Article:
Making bracelets and selling baked goods sounds like a modest way of repairing the entire world – even if all the proceeds go to rebuild homes and lives devastated by disasters in Puerto Rico and Mexico City. But the genius behind Judaism’s concept of Tikkun Olam – Repairing the World – lies in its modesty. We won’t fix our broken worlds by waiting for the few to engage in grand gestures. Tikkun Olam relies on humble but effective acts of lovingkindness. The ambitions behind Tikkun Olam are cosmic – repairing the whole world! But the scope is very much local: the neighborhood, the household, the kitchen table, the tzedakah box.
Last month, the entire SDJA community participated in these humble efforts at fixing our world. We made bracelets, raised money in our families, sold cookies in our neighborhoods, bought snacks at school and at athletic events, purchased flowers for Shabbat, all for Tikkun Olam. Tikkun Olam is originally a Jewish mystical idea. According to ancient rabbis, a primordial explosion accompanied the creation of the universe, sending harmful shards into the depths of our existence. Every act of human decency destroys a shard, and sends God’s light back into the void. When each of us releases enough light into the heavens, the world will regain its original harmony.
The SDJA is committed to inspiring our students and parents to release their light into the world. November was a great Tikkun Olam month for our community. But it was also a typical month at SDJA, where we always strive to make our world a brighter place.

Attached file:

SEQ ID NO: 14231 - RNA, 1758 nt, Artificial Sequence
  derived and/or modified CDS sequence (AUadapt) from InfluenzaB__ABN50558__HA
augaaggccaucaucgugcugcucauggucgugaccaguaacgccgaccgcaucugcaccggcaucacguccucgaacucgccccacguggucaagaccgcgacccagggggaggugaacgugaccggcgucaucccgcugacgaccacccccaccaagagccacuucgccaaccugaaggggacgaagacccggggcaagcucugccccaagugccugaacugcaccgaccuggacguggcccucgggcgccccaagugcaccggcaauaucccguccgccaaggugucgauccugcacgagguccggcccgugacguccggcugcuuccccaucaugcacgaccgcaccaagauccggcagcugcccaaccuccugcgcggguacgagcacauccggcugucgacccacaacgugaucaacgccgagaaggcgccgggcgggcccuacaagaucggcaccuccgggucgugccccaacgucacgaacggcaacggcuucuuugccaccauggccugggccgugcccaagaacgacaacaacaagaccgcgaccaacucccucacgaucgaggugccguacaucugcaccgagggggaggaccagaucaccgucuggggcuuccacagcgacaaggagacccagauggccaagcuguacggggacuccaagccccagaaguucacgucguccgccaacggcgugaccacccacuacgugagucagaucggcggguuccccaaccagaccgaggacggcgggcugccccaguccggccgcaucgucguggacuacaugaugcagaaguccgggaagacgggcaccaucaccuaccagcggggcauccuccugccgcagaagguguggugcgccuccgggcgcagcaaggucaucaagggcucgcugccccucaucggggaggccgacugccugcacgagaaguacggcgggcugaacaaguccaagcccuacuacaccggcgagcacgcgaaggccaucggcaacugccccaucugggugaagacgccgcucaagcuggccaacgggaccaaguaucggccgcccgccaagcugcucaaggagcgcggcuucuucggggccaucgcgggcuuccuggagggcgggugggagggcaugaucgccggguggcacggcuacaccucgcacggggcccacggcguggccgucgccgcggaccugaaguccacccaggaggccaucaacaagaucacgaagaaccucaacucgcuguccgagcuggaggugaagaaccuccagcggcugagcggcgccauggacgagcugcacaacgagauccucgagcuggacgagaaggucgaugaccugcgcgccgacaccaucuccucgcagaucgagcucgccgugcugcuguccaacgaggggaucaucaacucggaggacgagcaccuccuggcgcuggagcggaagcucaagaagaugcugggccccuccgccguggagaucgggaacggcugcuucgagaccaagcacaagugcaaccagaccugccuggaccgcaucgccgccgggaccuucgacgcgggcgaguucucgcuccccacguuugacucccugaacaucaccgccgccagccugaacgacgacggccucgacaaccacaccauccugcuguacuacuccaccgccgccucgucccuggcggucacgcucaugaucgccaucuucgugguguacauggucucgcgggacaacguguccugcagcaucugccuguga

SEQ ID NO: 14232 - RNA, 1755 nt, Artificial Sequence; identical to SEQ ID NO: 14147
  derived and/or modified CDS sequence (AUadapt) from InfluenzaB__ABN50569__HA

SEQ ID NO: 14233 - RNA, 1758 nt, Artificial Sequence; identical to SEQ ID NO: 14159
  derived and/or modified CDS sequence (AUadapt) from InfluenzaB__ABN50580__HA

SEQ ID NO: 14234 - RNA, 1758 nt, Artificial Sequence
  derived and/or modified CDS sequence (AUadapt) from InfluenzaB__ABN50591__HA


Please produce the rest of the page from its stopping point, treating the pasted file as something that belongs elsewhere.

Parent-teacher conferences are being held Monday and Tuesday and we look forward to seeing you. There is nothing like parent-teacher conferences to remind us that we are truly your partners. We all share a common goal: To make this a successful school year for your child! Here are some tips to make the most of […]
It’s not enough to provide rigorous academics that challenge students intellectually. Jobs and wage growth opportunities open up for those who have the social skills needed in order to work well with others. That’s why we work with great intention to help our students become excellent collaborative problem-solvers. According to Andreas Schleicher who oversees the […]
Making bracelets and selling baked goods sounds like a modest way of repairing the entire world – even if all the proceeds go to rebuild homes and lives devastated by disasters in Puerto Rico and Mexico City. But the genius behind Judaism’s concept of Tikkun Olam – Repairing the World – lies in its modesty. […]
To begin our guidance lessons each week, students are welcomed to a Mindful Moment practice. They are invited to find a comfortable position that is alert and intentional, to close their eyes, and to focus one of their five senses as an anchor to paying attention on purpose, without judgment, to the present moment. We […]
In the early 1990’s, approximately 700 American nuns agreed to allow researchers access to their autobiographies as part of a research program on aging and Alzheimer’s disease. The published results were astounding. The more positive emotions the nuns expressed in their autobiographical notes -contentment, gratitude, happiness, love and hope – the more likely they were […]